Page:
Salaried UAE resident expatriates working for employers which are on bank’s list of approved companies and some banks are doing unlisted or unapproved company  based on the profile of the applicant or as determined by Customer’s employer and Income.

•Valid Salary Certificate or Current Two Months Salary Slips.
•Copy of valid Passport and valid visa page.
•3 months bank statements showing regular salary credits.

The 1st payment due date has to be linked to your salary credit date & within 60 days of the disbursal date.

You can apply for a top up loan if you have not utilized the entire eligibility or in case of increase in salary and after 20% repayment of your existing loan.

You are eligible for 2 loan installment postponement every calendar year subject to Bank approval.

No, the customer needs to be confirmed to avail a loan.

UAE Nationals: 65 years or retirement age, whichever is earlier on loan maturity. Expatriates: 60 years or retirement age, whichever is earlier on loan maturity.

You do not need any collateral or guarantors.

The interest rates are charged on a reducing balance. The interest rates are extremely attractive and competitive and are dependent on your income and the period over which you wish to repay.

The maximum repayment period is 48 months for expatriates and for UAE nationals.

Yes, subject to receiving a letter from your employer confirming your employment status and assignment of salary to bank.

When your loan is approved, you will avail of free credit life insurance up to the loan value. In the event of death and total permanent disability the outstanding loan amount will be covered under this insurance scheme*.

The method for repaying a Loan is by debiting the repayment amount from your monthly salary when it is transferred to your bank account or by PDC’s.

UAE Nationals: 65 years or retirement age, whichever is earlier on loan maturity. Expatriates: 60 years or retirement age, whichever is earlier on loan maturity.

A monthly income of AED 5000 is required to get the personal loan.but it may differs in car loan and credit cards.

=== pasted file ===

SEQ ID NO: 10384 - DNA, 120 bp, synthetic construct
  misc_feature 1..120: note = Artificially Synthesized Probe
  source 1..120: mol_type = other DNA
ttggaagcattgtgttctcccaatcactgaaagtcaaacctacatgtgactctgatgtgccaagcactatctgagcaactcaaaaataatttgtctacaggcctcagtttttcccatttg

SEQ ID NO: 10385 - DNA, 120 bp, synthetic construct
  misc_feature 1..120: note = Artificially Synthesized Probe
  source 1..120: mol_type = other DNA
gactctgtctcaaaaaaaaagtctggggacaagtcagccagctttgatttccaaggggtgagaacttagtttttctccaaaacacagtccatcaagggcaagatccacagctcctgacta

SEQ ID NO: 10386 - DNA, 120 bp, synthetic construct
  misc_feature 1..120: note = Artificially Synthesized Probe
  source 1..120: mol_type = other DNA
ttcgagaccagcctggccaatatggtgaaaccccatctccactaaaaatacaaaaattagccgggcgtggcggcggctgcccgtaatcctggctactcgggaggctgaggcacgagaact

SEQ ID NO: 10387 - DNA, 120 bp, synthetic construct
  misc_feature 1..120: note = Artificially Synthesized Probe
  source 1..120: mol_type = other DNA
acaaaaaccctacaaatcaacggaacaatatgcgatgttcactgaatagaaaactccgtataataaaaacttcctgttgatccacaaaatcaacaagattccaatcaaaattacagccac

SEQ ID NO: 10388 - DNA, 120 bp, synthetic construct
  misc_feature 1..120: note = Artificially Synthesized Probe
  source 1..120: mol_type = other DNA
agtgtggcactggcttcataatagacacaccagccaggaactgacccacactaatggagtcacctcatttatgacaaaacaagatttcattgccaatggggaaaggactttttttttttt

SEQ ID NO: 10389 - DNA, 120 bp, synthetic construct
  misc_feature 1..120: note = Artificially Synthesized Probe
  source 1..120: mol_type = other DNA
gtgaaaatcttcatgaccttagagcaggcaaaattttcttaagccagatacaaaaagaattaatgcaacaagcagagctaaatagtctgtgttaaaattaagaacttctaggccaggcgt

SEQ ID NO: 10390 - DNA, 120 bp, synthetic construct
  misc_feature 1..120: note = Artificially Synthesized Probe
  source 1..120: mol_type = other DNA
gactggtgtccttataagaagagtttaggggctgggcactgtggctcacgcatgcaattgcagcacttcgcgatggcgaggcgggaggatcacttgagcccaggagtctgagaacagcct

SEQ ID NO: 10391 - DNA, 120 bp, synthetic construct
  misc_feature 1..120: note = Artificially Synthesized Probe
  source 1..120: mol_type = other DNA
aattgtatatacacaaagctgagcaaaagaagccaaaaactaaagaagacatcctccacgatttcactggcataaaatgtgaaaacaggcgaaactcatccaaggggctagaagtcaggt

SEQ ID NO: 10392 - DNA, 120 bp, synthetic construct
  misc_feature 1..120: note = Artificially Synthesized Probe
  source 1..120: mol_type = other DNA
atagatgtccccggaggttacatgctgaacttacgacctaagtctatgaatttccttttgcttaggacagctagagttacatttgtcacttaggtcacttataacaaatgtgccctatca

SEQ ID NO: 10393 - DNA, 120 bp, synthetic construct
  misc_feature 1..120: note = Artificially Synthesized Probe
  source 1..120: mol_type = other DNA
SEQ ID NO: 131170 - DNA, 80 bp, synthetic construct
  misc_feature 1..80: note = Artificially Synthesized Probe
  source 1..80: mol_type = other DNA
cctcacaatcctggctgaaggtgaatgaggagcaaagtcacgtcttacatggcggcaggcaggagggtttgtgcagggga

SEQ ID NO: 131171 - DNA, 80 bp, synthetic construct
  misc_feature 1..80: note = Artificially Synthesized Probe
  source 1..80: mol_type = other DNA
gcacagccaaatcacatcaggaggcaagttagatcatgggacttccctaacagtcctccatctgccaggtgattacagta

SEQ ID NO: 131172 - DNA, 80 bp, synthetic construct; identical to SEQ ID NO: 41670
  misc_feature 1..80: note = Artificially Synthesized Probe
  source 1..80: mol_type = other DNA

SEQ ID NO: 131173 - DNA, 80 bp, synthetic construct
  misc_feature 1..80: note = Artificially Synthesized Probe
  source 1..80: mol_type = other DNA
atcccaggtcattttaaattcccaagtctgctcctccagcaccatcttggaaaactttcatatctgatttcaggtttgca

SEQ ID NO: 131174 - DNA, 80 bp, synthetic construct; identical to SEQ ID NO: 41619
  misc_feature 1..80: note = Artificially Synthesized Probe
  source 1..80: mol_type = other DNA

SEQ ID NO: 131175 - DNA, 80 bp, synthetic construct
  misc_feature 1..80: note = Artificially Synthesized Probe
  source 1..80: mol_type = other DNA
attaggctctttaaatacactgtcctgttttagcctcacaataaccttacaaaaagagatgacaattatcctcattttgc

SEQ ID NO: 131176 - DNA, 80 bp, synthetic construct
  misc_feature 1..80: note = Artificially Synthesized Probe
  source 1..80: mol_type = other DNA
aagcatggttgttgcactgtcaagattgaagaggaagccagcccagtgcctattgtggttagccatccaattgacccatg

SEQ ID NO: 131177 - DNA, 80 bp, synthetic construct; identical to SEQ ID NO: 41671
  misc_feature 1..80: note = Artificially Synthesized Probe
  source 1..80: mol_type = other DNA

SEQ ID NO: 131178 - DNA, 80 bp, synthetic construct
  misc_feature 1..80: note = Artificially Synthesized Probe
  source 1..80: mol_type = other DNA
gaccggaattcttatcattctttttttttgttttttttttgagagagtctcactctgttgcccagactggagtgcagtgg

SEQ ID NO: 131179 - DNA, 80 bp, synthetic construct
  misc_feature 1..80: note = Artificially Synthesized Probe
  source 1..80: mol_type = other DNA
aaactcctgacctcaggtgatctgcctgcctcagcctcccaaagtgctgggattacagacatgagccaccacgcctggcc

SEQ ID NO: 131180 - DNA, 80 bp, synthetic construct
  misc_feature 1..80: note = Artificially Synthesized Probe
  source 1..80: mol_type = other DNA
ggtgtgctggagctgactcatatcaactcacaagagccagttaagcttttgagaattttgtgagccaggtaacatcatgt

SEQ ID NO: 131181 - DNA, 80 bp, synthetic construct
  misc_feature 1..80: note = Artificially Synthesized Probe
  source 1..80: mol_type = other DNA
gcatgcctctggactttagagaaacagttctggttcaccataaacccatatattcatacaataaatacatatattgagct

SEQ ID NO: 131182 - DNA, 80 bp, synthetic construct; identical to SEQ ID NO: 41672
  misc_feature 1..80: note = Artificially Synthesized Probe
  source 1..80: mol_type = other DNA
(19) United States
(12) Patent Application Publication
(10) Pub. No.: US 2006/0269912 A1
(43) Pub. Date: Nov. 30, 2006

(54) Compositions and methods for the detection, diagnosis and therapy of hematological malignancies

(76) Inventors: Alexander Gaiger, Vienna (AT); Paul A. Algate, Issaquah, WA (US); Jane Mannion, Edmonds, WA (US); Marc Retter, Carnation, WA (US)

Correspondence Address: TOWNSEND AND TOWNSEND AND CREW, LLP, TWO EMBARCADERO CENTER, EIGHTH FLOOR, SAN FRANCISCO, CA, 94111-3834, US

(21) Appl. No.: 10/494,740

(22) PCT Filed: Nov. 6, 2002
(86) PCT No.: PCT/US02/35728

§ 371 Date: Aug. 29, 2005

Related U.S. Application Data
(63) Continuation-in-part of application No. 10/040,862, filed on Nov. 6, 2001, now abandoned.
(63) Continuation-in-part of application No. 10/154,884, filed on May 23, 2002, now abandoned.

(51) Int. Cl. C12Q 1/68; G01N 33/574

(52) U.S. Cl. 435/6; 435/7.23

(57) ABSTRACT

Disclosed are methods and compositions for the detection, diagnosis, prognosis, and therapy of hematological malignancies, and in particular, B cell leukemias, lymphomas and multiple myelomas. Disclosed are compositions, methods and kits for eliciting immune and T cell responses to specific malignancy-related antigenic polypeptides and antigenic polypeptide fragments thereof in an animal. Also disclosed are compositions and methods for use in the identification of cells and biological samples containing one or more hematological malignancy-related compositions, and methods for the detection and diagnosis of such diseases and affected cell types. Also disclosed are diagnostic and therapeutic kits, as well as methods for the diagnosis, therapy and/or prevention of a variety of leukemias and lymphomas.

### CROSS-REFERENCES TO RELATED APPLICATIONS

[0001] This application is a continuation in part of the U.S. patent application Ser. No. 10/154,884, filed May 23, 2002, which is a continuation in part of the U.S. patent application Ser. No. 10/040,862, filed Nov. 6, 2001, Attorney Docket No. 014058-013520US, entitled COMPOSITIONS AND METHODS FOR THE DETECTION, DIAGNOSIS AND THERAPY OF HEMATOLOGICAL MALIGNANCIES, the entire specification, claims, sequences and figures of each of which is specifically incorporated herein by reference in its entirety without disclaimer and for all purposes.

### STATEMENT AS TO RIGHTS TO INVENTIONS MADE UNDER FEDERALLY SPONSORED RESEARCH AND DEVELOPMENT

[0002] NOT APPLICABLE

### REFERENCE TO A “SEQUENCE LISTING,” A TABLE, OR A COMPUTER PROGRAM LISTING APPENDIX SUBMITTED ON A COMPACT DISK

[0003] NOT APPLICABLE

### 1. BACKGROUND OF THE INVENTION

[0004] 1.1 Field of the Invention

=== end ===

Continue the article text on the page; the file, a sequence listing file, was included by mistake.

The minimum age requirements for UAE nationals are 20 years and 6 months, and 21 years for expatriates.

Yes, For a Salary transfer personal loan it is mandatory that your monthly salary is transferred to bank but for PDC Loan (Post Dated Cheques) it is not mandatory to transfer salary.

A minimum limit is 15,000 AED to maximum limit of up-to AED 1 Million (Depending upon Income).

Unsecured lending can attract unsavory players, but even with the squeaky-cleanest of lenders, it pays to keep an eye out for gotchas.
Prepayment penalties. When a lender tries to estimate how much money they’ll make off your loan, they usually assume that you’ll pay interest until a certain date. Paying off the loan too soon – and therefore limiting the interest you pay – screws up their calculations. In order to keep their numbers straight and pockets lined, some charge a fee for paying off the loan before a certain date. Such fees are called prepayment penalties or exit fees. Be sure to look for the words “no prepayment penalty” on your loan term when you apply.
“Optional assistance” and other fees. If you grant the lender permission to withdraw from your checking account, they might take out so-called that you never heard of. The lender can automatically deduct them from your account, potentially causing your checking account balance to go negative.
Accidental overdrafts. Again, if you link your loan to your checking account for automatic payments, you might be in danger of an overdraft. Overdraft fees can run $35 a pop, and they can quickly add up. It’s harder to know that you have a low balance in your checking account if the lender deducts your payment behind the scenes. To avoid this, consider:
Opting out of automatic payments
Setting up a low balance alert with your bank
Signing up for a third-party service like Mint that offers low balance alerts